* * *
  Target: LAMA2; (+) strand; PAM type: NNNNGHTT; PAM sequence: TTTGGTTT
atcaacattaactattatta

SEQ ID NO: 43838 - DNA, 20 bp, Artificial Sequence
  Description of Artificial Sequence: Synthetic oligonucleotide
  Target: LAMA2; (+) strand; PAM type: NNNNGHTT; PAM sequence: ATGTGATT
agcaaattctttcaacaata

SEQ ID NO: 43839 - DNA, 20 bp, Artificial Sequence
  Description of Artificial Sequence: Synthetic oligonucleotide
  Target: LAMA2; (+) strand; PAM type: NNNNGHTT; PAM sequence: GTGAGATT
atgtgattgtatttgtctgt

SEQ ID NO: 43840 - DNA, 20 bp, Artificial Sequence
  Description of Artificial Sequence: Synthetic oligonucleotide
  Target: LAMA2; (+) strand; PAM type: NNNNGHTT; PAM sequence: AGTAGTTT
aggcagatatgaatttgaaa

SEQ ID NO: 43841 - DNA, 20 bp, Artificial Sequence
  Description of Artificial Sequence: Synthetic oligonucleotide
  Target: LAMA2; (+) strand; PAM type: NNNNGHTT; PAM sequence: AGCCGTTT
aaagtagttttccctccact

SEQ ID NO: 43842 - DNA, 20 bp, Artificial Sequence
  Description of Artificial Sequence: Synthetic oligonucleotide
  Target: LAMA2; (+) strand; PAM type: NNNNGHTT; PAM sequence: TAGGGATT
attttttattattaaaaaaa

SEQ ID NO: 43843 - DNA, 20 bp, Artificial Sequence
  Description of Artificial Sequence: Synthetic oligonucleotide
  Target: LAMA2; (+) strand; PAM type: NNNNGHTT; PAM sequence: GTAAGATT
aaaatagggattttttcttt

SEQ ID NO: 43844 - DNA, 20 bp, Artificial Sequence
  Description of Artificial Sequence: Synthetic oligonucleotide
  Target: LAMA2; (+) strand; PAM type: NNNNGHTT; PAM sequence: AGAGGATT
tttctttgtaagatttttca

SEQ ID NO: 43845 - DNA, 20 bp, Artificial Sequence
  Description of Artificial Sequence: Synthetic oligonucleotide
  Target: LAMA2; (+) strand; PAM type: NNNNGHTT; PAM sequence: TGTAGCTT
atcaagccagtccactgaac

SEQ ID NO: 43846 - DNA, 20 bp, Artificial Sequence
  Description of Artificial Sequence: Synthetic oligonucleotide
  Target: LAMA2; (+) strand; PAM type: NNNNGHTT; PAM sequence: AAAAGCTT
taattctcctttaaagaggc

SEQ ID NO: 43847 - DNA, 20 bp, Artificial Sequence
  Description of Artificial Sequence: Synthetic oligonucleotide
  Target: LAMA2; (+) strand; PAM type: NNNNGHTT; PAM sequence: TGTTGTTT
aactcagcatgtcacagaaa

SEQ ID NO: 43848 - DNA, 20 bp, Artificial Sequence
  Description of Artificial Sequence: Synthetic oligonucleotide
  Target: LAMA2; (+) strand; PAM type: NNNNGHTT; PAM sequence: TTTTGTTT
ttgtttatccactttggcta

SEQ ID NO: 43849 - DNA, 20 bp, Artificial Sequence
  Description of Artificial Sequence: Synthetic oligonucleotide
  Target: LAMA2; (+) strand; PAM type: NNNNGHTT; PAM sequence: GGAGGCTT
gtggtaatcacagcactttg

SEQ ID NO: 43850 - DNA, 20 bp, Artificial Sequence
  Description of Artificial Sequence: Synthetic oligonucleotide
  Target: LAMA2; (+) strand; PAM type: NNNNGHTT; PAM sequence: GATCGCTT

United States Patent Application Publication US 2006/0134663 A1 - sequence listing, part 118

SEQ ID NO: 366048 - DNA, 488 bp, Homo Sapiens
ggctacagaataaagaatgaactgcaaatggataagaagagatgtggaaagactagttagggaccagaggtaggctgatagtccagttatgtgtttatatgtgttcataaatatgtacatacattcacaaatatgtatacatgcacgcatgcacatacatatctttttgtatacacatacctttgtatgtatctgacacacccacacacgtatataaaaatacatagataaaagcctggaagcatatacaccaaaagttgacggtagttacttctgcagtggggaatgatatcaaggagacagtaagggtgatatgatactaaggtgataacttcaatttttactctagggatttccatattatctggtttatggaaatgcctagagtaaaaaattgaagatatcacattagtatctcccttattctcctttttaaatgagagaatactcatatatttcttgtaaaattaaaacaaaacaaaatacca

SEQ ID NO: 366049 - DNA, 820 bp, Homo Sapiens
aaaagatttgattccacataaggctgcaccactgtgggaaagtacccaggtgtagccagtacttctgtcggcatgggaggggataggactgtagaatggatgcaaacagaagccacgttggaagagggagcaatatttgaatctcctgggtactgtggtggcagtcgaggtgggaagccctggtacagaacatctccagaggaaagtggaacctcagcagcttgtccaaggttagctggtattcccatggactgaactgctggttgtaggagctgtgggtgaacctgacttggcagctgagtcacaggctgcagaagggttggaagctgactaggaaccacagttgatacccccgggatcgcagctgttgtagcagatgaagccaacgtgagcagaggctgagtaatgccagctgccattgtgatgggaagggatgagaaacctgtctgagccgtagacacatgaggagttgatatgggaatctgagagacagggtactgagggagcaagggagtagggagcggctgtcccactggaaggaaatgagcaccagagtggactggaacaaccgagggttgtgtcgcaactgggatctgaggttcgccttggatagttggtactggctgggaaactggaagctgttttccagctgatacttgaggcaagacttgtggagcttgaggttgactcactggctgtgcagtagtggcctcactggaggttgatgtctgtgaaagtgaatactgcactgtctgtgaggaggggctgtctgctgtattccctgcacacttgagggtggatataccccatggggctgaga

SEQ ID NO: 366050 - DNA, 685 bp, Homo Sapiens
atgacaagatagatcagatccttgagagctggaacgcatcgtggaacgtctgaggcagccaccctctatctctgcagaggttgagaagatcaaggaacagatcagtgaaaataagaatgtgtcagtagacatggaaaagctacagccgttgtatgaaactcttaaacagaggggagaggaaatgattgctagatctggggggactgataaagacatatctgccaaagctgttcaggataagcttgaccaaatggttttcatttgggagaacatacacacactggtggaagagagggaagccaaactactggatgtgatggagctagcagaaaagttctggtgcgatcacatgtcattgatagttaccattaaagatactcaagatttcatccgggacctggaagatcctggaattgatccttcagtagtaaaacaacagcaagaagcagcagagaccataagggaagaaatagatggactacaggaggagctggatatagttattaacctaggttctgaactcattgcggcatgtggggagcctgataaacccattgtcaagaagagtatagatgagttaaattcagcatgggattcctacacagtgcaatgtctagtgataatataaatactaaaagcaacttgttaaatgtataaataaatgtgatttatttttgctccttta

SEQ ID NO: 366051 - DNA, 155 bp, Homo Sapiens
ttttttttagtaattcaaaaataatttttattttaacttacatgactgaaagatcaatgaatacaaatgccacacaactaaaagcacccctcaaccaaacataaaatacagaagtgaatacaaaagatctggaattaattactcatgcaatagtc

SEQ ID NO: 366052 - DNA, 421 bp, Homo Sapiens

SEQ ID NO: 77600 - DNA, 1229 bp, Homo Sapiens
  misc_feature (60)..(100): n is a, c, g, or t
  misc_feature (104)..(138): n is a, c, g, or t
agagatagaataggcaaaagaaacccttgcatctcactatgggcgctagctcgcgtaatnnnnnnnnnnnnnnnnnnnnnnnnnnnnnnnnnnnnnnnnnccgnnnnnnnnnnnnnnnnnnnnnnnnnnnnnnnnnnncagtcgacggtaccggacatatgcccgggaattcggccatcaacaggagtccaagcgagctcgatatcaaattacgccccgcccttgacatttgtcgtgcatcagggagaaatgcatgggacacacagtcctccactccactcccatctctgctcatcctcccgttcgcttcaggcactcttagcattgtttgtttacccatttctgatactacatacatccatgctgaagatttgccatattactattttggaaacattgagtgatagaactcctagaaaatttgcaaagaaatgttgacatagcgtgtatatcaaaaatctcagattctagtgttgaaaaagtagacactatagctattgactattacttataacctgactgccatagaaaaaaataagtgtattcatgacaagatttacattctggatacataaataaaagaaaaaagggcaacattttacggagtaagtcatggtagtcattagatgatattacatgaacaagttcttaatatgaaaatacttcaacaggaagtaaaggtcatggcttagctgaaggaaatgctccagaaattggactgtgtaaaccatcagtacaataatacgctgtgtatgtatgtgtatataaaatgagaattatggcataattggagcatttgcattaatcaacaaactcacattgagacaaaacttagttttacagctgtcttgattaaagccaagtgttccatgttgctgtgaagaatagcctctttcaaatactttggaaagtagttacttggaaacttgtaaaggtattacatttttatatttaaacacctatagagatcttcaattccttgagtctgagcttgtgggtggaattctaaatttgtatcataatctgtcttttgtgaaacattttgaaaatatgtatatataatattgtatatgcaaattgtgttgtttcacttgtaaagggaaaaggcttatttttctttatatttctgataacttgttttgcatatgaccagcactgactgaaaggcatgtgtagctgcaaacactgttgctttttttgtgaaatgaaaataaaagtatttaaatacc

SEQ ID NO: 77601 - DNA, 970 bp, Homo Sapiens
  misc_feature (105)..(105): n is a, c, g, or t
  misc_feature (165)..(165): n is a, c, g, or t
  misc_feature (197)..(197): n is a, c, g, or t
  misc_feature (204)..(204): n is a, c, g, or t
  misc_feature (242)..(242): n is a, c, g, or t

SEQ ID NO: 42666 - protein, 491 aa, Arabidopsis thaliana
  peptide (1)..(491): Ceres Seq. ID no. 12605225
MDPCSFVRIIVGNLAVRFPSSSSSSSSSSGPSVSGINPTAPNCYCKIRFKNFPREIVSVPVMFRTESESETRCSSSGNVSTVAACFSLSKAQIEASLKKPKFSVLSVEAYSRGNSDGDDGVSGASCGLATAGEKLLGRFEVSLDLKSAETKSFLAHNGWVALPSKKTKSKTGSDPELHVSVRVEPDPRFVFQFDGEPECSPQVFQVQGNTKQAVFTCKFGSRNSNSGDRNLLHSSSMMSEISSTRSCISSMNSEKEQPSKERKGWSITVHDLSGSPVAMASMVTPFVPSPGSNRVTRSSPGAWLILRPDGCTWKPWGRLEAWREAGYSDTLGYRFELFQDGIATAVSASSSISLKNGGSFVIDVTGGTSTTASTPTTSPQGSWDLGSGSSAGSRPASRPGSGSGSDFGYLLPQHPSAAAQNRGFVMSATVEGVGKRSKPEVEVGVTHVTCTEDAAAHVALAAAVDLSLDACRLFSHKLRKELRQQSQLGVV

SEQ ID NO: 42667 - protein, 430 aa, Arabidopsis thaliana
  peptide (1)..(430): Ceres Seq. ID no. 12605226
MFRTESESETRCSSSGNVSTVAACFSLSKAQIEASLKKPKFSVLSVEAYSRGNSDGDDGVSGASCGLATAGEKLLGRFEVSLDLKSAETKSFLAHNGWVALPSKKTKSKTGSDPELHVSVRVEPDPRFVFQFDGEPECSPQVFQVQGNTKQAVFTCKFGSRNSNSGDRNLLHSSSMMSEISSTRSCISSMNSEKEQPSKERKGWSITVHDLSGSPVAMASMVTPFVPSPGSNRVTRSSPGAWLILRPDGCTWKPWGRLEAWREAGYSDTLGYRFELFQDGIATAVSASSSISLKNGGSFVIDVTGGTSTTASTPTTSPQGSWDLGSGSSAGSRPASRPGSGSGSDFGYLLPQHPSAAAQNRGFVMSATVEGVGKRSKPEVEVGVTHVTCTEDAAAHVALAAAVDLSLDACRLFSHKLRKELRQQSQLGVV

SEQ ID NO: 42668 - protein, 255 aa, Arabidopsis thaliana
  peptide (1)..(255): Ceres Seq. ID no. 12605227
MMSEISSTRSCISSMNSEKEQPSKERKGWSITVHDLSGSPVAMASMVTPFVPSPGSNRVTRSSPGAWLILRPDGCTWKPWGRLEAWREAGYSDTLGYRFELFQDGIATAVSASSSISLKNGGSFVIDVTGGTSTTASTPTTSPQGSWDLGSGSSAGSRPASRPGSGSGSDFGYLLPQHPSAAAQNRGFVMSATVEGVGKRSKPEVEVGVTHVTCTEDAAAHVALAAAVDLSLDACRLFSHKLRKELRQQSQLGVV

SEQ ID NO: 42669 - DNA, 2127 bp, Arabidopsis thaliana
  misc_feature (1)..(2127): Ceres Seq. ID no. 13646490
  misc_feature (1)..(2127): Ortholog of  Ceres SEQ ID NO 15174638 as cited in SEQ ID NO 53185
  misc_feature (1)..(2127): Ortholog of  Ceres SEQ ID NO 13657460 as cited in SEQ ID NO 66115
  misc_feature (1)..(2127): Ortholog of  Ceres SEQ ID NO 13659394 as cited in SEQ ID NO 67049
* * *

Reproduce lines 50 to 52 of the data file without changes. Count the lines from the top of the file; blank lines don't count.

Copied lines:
gtggtaatcacagcactttg

SEQ ID NO: 43850 - DNA, 20 bp, Artificial Sequence
  Description of Artificial Sequence: Synthetic oligonucleotide